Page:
We walked through a few small towns but decided not to seek shelter at a café again. It looked like the rain wasn’t going to stop anytime soon.

Just the two of us on the road – who in their right minds would any way be out in this weather?

A proper rain storm:

And then, during the last 7km, the rain turned into a storm!! We didn’t even bother to put the hoods on our rain jackets – it certainly wouldn’t have helped. We just hoped our clothes in our backpacks were still dry (we made sure to pack our clothes in dry bags this morning before we left).


A small river in the gutters next to the road … luckily, we could still see the yellow arrow

Are we there yet?

Just before we reached Agueda, there was a tunnel under the bypass where we could stop for a while to catch our breath. I don’t think I’ve ever walked in such torrential rain!


A wet silhouette in a tunnel

Accommodation – Agueda:

Albergue St Antonio

The Finnish couple joined us in the tunnel and together we walked the last kilometer (uphill and in heavy rain) to Albergue St Antonio – which was of course at the end of town.

It was with the greatest relief when we were able to check into the albergue and arrived at a warm and dry room. And although we had two bunk beds in our room, it was just the two of us and we could use all the available space to get rid of our wet clothes! Fortunately, our clothes in the dry bags were still dry (they were also the only things that weren’t soaking wet!)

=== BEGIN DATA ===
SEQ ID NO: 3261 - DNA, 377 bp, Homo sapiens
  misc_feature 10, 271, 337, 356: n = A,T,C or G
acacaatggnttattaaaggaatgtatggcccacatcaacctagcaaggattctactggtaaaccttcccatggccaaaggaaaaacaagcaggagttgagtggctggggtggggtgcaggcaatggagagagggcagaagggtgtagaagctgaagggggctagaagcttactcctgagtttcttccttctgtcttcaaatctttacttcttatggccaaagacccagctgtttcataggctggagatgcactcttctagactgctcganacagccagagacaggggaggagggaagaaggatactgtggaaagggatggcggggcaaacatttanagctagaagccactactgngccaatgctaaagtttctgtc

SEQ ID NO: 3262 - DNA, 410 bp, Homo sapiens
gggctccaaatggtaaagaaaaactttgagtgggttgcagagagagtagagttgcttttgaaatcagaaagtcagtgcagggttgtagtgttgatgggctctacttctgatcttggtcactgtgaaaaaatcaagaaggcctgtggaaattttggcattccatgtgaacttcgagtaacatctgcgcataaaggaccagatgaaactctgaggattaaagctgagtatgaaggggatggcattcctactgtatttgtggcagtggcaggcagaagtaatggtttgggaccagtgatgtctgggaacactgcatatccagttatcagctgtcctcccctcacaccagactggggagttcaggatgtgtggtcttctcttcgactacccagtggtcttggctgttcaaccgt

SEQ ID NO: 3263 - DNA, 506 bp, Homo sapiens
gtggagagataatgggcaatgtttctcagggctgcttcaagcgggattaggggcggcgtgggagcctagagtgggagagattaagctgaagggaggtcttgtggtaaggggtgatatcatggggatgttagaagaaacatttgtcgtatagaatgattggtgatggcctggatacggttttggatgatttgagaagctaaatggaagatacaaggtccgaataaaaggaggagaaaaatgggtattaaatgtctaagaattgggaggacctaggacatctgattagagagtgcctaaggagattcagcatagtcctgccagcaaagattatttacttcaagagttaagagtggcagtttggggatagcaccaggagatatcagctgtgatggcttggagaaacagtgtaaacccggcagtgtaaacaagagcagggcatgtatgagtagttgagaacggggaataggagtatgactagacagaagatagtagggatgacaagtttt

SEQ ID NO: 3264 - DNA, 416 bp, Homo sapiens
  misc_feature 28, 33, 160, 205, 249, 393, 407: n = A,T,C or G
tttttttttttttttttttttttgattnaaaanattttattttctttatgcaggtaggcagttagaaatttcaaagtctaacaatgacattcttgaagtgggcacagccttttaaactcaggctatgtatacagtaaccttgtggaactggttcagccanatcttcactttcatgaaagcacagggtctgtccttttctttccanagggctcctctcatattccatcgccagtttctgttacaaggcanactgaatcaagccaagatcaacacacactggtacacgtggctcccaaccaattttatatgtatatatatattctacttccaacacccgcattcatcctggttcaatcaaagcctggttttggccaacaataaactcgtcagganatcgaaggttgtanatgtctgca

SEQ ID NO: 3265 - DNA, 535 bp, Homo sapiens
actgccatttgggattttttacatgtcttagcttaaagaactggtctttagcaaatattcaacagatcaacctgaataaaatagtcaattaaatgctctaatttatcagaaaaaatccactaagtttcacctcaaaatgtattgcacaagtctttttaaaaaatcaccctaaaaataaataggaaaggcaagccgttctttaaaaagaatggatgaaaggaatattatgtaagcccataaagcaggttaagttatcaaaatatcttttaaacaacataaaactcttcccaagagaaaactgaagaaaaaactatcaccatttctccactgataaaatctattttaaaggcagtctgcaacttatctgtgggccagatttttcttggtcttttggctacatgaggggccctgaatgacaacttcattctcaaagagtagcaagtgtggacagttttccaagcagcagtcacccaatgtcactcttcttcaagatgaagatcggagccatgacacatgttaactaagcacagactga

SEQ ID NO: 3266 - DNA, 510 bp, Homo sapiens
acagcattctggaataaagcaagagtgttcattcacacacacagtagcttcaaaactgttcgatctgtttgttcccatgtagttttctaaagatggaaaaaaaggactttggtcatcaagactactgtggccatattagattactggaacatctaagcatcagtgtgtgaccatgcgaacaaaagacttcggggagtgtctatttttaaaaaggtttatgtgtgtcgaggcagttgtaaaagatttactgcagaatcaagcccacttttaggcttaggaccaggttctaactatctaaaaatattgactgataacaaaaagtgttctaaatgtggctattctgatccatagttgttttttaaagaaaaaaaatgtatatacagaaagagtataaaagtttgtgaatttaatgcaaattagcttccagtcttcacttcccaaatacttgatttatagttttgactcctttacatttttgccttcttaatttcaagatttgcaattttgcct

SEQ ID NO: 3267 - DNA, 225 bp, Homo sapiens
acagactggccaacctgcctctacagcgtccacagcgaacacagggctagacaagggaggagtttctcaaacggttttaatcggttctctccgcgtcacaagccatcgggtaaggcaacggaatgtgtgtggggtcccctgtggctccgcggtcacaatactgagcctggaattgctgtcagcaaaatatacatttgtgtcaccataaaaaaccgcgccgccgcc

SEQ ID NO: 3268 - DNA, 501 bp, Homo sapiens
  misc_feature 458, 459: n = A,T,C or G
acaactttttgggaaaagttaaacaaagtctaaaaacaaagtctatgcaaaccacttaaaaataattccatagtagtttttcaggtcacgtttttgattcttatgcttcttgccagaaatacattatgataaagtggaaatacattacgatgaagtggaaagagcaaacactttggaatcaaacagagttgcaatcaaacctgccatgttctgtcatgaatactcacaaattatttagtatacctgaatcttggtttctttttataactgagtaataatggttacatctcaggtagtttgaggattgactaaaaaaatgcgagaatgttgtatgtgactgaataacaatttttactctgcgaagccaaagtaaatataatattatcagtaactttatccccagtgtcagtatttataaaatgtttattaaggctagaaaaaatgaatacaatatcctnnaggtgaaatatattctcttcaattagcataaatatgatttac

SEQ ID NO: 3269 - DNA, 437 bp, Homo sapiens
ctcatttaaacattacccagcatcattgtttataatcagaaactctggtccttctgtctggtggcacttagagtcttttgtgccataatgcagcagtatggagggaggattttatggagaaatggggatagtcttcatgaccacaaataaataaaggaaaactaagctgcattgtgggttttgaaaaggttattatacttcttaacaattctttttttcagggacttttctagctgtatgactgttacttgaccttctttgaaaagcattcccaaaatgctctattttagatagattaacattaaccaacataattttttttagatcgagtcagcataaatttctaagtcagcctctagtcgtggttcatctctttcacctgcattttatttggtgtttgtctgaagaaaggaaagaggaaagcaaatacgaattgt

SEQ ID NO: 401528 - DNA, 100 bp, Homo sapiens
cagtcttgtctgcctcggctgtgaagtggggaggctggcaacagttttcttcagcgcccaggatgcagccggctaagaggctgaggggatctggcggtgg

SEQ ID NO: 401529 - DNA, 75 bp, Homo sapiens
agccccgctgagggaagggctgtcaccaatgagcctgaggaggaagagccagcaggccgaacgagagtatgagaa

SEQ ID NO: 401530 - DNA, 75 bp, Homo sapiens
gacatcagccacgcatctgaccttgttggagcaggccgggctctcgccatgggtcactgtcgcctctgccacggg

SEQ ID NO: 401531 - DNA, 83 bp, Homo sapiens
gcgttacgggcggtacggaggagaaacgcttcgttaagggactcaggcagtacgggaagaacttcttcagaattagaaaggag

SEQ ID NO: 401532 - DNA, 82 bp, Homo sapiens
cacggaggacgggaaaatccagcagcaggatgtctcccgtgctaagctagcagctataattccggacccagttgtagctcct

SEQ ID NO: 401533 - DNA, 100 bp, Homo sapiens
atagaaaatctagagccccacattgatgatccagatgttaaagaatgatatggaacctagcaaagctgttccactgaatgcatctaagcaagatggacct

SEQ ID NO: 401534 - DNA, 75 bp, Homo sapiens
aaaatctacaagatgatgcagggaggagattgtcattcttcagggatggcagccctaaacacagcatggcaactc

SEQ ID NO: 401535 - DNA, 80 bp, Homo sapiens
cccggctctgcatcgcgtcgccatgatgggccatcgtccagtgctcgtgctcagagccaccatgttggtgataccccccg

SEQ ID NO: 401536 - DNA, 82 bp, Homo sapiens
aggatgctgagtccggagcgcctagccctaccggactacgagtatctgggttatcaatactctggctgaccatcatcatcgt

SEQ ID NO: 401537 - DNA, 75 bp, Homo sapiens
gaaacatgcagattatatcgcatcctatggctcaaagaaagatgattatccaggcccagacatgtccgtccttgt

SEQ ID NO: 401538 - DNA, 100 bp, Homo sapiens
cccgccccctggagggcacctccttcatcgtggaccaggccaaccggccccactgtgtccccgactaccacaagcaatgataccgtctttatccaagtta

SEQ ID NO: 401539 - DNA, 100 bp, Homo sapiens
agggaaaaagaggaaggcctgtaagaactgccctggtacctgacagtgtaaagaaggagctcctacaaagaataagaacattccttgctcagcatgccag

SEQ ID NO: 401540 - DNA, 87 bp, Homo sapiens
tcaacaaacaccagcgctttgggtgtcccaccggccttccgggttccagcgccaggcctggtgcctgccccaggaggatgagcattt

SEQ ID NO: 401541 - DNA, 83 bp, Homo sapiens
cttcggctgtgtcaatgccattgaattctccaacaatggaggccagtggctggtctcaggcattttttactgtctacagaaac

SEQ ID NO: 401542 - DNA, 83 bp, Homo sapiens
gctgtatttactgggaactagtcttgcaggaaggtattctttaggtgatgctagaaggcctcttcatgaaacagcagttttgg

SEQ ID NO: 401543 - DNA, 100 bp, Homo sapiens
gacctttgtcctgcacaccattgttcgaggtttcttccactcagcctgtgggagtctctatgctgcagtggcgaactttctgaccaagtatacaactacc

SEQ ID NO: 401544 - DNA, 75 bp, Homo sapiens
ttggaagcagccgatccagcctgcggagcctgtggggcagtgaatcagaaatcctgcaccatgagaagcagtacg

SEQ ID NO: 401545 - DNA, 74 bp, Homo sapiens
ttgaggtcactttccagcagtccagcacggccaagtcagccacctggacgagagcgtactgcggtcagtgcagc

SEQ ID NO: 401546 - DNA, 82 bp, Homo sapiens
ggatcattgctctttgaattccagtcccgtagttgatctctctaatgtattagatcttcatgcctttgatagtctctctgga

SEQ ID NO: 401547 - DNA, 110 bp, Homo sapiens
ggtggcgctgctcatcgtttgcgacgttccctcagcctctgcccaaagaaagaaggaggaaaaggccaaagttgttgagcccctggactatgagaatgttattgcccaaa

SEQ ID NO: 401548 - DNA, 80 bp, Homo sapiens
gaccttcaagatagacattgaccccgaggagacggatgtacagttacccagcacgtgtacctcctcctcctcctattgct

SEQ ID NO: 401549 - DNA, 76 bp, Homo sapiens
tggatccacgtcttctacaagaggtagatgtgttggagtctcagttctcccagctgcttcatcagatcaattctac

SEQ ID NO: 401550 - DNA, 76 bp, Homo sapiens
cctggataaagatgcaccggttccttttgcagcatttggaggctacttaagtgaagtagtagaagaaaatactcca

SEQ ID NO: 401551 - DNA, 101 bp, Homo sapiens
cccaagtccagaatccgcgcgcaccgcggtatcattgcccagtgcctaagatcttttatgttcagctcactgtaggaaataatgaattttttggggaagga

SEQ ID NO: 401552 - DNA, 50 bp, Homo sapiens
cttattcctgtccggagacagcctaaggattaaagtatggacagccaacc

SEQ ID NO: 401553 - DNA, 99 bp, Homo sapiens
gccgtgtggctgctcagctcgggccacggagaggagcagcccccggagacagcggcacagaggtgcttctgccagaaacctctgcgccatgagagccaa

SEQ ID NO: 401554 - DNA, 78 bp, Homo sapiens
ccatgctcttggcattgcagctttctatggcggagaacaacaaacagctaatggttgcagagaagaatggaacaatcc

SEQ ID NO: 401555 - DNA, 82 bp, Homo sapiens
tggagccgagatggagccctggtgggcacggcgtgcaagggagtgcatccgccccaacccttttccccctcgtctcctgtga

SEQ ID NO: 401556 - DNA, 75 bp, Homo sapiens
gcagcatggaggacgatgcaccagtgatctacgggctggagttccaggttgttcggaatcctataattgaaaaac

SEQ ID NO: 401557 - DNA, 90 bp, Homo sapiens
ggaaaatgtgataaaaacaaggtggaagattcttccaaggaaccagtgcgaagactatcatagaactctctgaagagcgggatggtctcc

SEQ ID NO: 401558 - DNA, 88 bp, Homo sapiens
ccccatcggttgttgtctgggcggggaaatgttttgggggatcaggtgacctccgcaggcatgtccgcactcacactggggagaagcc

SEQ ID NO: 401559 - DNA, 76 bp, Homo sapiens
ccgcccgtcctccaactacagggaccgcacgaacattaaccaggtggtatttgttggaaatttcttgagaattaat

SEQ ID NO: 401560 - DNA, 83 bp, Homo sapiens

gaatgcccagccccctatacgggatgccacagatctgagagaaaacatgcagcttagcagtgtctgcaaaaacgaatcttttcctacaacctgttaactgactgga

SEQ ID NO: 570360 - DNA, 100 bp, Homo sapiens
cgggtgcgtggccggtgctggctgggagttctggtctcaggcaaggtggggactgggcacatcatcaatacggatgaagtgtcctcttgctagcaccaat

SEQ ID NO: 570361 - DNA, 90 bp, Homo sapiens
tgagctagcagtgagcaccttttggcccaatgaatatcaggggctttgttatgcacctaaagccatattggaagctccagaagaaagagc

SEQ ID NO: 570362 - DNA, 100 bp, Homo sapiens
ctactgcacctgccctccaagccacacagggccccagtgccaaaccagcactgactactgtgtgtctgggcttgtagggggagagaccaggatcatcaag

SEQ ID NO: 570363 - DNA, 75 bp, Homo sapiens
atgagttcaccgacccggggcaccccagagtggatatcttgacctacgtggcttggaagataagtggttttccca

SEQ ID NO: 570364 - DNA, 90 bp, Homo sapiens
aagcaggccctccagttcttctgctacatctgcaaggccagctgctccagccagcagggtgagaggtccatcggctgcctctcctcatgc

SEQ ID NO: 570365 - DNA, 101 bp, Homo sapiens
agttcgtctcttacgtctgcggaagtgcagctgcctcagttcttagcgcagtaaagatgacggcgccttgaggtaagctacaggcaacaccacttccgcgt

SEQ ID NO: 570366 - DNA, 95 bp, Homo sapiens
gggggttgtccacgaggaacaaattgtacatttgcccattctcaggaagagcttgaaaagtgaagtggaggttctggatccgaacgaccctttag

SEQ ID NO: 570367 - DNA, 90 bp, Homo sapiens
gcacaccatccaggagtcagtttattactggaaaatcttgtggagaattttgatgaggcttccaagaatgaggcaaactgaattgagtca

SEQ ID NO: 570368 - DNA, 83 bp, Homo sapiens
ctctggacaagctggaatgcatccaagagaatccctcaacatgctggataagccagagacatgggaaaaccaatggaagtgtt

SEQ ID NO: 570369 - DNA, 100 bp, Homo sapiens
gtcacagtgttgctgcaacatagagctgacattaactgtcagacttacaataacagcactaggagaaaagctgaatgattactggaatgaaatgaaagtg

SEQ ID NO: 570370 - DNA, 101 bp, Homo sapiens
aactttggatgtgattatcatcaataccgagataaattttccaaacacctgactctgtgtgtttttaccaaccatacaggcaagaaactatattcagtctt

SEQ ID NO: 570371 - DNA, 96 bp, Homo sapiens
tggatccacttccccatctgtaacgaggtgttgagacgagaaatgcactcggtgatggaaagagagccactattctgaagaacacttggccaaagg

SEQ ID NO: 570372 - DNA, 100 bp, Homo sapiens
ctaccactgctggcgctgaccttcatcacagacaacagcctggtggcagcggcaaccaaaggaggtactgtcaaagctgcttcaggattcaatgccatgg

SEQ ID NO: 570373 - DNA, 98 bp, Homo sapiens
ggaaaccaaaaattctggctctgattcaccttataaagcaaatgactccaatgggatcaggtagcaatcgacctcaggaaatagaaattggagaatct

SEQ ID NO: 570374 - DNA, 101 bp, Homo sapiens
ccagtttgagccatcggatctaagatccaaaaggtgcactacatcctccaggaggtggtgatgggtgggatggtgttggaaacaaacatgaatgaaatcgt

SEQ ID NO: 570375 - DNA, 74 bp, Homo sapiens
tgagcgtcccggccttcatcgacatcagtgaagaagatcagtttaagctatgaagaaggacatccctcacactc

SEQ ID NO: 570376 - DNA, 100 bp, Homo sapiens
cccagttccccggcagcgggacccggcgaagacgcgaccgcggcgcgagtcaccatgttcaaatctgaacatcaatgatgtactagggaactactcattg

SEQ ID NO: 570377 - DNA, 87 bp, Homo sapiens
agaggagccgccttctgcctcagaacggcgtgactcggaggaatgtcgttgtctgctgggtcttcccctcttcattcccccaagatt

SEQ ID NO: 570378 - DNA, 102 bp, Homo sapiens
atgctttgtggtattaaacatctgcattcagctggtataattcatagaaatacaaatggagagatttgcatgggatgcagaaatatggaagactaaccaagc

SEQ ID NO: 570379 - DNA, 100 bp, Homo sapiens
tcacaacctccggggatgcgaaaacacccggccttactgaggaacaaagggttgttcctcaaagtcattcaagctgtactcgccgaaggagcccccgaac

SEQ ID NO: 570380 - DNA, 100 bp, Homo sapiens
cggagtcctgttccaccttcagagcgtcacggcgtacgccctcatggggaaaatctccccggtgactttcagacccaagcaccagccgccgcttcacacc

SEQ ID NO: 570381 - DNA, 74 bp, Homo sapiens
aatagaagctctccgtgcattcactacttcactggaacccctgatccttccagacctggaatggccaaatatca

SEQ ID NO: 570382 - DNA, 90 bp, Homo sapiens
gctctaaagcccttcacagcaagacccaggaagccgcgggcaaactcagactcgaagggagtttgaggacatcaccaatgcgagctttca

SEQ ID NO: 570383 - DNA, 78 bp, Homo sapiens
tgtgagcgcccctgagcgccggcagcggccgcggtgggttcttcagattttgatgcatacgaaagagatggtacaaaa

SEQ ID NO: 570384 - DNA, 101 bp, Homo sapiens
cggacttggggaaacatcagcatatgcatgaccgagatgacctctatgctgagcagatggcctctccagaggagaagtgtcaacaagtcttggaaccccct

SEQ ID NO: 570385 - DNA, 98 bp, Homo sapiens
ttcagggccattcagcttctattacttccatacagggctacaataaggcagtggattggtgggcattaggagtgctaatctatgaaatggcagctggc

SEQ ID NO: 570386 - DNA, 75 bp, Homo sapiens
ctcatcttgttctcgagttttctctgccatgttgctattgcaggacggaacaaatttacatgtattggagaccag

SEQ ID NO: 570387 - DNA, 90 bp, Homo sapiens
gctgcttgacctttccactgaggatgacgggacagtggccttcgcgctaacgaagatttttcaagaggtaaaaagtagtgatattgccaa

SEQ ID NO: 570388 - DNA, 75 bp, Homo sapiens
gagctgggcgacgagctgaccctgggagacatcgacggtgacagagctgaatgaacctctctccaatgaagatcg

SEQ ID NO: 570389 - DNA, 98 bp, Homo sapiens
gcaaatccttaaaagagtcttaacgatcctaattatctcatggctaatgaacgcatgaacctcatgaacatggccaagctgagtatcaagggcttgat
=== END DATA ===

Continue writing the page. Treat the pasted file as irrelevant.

Our room in Albergue St Antonio – it was dry and warm inside


The view from the terrace of Albergue St Antonio – during summer it must be great to relax on the grass with this view. But today we stayed inside the communal area where it was dry!

We then had to walk half a kilometer back (in the rain) to the supermercado where we could buy red wine and snacks for the afternoon and next day. Tonight we are not preparing dinner – we placed an order with the albergue for a takeaway and spent the rest of the afternoon in the communal area. And once again we used the dryer for our clothes – clothes that aren’t supposed to be tumble dried…oh well, such is life!


Where do you want to go? Santiago de Compostela!

Our Italian pilgrim friend joined us later – he was also caught in the heavy rain and got a taxi to bring him to the albergue. As we all sat in the communal area, we talked about our day and agreed that it must have been one of the hardest days on the Camino, weather-wise.

There’s a cat in the house:

Later that evening the rain let up for a short while and we were able to spend some time outside on the terrace. A beautiful cat joined us (apparently the albergue is not his home, but he always “visits” when pilgrims are around). There was a note on our dormitory door that said the door should always be closed so the cat could stay outside. But when we went to bed the very same cat was sprawled out on one of the top bunk beds. We didn’t have the heart to chase him out into the cold.

A beautiful cat at the albergue

I’m a little worried about my feet. The blisters didn’t look good after my feet were wet all day and my swollen ankle is very sore again tonight. We’ll see how the next few days unfold.

Click here for Day 12 …


8 thoughts on “CAMINO PORTUGUESE – DAY 11

    1. We laughed so much while walking in the rain (I mean, what else can you do)? Although it was probably some of the worst hiking conditions, it was also our best memories! And when you find such a lovely cat at the end of a wet day, all is soon forgotten anyway!

      Liked by 1 person